Ethan Reid received his BA in English with Writing Emphasis from the University of Washington and his MFA from the University of Southern California’s MPW Program, where he studied under author S.L. Stebel, Oscar-nominated screenwriter Sy Gomberg, and Oscar-winning screenwriter Frank Tarloff.
Ethan is a member of the Horror Writers Association, the International Thriller Writers and the Pacific Northwest Writers Association. Ethan currently lives in Seattle.
Ethan kindly answered my questions on his followup to the fantastic The Undying, The Undying: Shades.
Kristin Centorcelli: I really enjoyed The Undying. What do readers have to look forward to in The Undying: Shades?
Ethan Reid: Jeanie’s story continues, as she heads deeper into Europe fleeing the undying, all the while trying to stay alive in a scorched, ruined world. Following the long winter, she heads south, raising the orphan boy, Rennie, who she took under her wing in Paris. The book is a journey into their lives years after the events that started the endgame, where Ren comes of age among survivors in what could be the last village in all of southern Europe. From there, Ren seeks the truth behind the event that caused the apocalypse, and the strange evolution of the undying ones into new, horrible creations called shades.
KC: How would you say Jeanie has changed the most since the events of The Undying?
ER: After so many years, Jeanie struggles to keep a firm grasp on her innate sense of optimism that she held so deeply in book one – what helped keep her alive. Faced with life in a foreign world so far from Seattle, where no seed grows, and no child has been born since the catastrophic occurrence. As a mother, she sets her own desires aside, and tries to raise Ren in an post-apocalyptic setting. Tries to teach him how to live, scavenge, and fight, and give him a chance to survive.
KC: The Undying was set in Paris, and the new book is set in Spain. What kind of research did you do for this one?
ER: I toured Spain and the towns in the book, visiting Sevilla, Ronda, Barcelona. I’ve long held an affinity to Paris, but I have to admit I was surprised how much I adore Barcelona. When in Spain, especially southern Spain, you really feel the Moorish influence in so much – architecture, food, even the language. It was impossible not to have this Spanish-Moorish marriage work its way into the story.
KC: Was it easier for you to write Shades since you’ve already laid much of the groundwork for the series?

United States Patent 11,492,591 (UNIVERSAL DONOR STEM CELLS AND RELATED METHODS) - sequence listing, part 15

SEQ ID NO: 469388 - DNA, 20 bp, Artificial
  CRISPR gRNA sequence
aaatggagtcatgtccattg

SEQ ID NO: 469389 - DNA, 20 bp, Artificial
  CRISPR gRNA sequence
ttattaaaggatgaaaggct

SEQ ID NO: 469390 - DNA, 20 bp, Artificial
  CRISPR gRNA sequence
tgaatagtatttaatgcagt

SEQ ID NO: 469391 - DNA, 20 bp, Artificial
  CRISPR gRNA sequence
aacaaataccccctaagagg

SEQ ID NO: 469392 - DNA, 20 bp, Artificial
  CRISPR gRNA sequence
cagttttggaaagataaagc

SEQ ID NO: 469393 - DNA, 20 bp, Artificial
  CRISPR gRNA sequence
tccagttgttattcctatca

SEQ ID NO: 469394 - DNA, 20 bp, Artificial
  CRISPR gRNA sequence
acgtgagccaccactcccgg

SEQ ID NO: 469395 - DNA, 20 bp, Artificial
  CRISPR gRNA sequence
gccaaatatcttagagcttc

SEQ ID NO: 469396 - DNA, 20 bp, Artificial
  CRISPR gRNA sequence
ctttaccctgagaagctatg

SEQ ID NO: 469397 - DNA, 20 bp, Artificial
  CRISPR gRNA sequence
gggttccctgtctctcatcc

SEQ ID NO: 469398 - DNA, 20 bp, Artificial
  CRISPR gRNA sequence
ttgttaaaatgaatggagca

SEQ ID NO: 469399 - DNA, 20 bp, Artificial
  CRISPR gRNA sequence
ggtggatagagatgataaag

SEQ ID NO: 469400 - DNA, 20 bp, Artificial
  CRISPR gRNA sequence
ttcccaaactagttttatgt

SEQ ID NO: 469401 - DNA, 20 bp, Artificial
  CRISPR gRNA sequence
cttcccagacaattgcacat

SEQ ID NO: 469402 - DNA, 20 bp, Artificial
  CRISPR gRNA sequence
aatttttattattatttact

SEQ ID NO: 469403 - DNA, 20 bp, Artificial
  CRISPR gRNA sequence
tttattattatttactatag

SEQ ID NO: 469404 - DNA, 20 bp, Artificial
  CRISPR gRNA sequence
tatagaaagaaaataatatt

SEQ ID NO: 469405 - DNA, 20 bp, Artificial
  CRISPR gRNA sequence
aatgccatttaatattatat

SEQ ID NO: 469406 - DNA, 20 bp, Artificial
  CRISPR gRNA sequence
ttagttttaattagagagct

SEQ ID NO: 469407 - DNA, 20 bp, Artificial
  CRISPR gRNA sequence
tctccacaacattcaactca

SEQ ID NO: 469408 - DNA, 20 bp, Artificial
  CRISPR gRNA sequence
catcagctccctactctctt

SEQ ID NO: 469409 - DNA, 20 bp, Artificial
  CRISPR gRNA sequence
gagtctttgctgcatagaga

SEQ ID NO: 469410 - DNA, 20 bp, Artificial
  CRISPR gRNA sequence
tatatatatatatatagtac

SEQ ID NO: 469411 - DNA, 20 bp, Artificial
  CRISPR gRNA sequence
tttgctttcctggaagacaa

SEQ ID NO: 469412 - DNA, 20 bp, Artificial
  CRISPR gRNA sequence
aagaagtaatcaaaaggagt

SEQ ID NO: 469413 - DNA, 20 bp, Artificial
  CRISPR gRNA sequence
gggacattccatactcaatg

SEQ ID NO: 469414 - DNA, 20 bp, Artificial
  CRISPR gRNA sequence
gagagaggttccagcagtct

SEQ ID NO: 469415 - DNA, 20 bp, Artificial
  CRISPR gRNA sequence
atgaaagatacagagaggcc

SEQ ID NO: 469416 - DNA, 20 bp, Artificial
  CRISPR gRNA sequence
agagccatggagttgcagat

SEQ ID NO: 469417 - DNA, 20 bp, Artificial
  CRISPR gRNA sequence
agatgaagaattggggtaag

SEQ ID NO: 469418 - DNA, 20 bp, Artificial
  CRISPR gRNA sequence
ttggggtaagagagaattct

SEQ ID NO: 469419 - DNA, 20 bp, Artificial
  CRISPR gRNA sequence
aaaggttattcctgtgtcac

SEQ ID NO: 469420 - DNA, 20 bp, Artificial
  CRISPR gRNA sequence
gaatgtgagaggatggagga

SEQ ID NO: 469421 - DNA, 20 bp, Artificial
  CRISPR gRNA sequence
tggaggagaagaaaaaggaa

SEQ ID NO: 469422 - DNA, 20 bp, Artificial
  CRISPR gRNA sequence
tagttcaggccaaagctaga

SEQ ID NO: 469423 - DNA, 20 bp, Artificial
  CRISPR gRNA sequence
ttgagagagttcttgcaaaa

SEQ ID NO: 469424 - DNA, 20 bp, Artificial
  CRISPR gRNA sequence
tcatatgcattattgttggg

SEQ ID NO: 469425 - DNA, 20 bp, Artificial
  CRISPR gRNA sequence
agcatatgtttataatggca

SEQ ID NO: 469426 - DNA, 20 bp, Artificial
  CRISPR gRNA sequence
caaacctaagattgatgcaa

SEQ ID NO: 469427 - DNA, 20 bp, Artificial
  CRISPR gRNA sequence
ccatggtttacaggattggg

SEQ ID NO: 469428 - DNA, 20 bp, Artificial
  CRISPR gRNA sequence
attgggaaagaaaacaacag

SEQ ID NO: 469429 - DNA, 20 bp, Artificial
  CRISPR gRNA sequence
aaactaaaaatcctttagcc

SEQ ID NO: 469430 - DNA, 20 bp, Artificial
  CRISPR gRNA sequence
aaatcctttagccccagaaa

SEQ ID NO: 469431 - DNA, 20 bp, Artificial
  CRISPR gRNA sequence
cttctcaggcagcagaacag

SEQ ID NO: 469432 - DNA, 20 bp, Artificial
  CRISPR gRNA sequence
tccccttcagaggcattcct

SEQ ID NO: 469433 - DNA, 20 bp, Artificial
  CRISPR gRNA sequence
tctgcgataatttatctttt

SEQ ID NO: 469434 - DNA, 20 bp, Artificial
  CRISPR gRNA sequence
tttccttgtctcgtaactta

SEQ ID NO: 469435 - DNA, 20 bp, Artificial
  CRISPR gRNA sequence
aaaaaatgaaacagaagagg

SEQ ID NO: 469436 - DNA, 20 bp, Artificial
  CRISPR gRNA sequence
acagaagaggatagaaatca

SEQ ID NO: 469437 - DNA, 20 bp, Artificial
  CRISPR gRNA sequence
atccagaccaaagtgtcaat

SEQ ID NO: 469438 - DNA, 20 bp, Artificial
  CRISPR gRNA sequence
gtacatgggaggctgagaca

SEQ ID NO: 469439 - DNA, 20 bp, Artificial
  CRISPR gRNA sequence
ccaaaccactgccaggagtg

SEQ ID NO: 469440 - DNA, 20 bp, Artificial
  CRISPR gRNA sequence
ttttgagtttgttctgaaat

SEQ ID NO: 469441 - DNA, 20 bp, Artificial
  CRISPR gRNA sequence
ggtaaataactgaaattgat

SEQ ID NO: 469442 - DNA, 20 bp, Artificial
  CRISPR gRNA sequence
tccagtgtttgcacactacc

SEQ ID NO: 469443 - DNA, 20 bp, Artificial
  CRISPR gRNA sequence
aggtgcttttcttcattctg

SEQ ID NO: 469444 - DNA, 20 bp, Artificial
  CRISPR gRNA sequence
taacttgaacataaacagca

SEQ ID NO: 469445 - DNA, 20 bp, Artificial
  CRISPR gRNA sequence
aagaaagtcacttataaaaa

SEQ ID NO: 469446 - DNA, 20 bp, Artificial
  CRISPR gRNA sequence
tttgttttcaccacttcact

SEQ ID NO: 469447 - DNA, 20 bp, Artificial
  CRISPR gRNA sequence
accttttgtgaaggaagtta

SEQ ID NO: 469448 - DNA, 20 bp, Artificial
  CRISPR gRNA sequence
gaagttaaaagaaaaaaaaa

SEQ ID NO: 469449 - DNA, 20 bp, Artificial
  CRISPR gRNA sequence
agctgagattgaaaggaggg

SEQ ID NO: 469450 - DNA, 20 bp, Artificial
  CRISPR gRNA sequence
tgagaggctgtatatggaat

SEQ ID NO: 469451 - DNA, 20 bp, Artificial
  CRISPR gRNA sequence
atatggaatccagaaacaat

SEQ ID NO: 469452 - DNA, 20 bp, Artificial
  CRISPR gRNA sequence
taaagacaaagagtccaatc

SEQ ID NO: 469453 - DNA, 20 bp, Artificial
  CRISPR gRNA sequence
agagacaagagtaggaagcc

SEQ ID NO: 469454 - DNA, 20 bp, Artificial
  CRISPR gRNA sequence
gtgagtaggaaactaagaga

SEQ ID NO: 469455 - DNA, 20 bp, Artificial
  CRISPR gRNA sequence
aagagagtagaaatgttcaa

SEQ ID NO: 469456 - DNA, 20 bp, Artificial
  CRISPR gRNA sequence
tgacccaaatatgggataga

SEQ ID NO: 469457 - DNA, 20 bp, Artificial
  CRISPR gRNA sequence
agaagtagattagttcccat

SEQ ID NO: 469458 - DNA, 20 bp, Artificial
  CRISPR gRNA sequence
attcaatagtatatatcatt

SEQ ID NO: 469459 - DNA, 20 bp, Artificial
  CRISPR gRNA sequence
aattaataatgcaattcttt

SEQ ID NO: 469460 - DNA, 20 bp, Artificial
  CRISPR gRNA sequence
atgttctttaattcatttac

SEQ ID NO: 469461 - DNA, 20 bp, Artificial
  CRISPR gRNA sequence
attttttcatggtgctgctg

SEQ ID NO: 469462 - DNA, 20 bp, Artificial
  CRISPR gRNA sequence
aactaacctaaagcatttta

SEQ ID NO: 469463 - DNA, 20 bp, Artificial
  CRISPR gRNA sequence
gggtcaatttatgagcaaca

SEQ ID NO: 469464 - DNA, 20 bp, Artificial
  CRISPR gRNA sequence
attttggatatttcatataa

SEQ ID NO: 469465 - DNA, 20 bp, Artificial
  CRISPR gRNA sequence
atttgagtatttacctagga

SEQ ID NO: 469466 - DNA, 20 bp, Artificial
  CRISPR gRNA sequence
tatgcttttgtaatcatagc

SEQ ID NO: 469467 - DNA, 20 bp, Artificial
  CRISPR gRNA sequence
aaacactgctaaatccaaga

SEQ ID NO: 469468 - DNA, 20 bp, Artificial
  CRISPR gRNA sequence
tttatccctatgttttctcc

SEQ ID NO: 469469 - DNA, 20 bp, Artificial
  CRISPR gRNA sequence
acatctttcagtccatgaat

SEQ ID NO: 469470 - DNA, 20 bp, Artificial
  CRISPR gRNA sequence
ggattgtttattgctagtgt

ER: Partly? I think every book gets easier to write than the last. But then new characters take you on fresh journeys, and every novel deserves to stand on its own two feet, even within a series. I wanted to write Ren’s story in Shades, so in a sense I had to discover his character in the telling. The world I didn’t have to recreate as much, as you say the groundwork is set, and Spain is such a stunning setting in itself, although its now much worse off than when we leave Jeanie in book one. Years of winter, followed by acid rain, has created an untenable planet. There is no status quo. And the darkness in Rio is spreading.
ER: The novel The Exorcist scared the shit out of me. As did the movie The Ring. The Road left me feeling desolate, but didn’t terrify. Way back in the day I found Whitley Strieber’s Wolfen as creepy as hell. If I delve deeper, I think the more realistic novels of Stephen King’s are horrifying. I found his utterly realistic novella “Apt Pupil” very chilling. The closer to reality, the guess, the more it can climb in the cranium and really settle in. It’s what I try to do in my writing. Take implausible scenarios and make them as realistic as possible. If the reader can relate, the more easily they feel for the characters. And be scared, to boot.
KC: What advice would you give to an aspiring author? Is there anything you know now that you wish you’d known prior to publication?
ER: Keep writing what’s in your heart. Don’t try to control the things you cannot. And utilize Twitter, newsletters, and Goodreads, early on in the process.
KC: What has surprised you the most about publishing a book?
ER: It requires way more social media time that I’d prefer. Much of what I have to do now keeps me from what I love doing – writing.
KC: Have you read any good books lately? Is there anything you’re looking forward to this year?
ER: I finally read The Martian by Andy Weir. Boy, awesome stuff. Great humor throughout. Coming up, I’m looking forward to reading Station Eleven by Emily St. John Mandel. I also have Wool by Hugh Howey ready to go. But World of Trouble by Ben H. Winters is next on my list.
KC: What’s next for you?
ER: I’m working on the third book in the series. We’ll see what happens next to our survivors!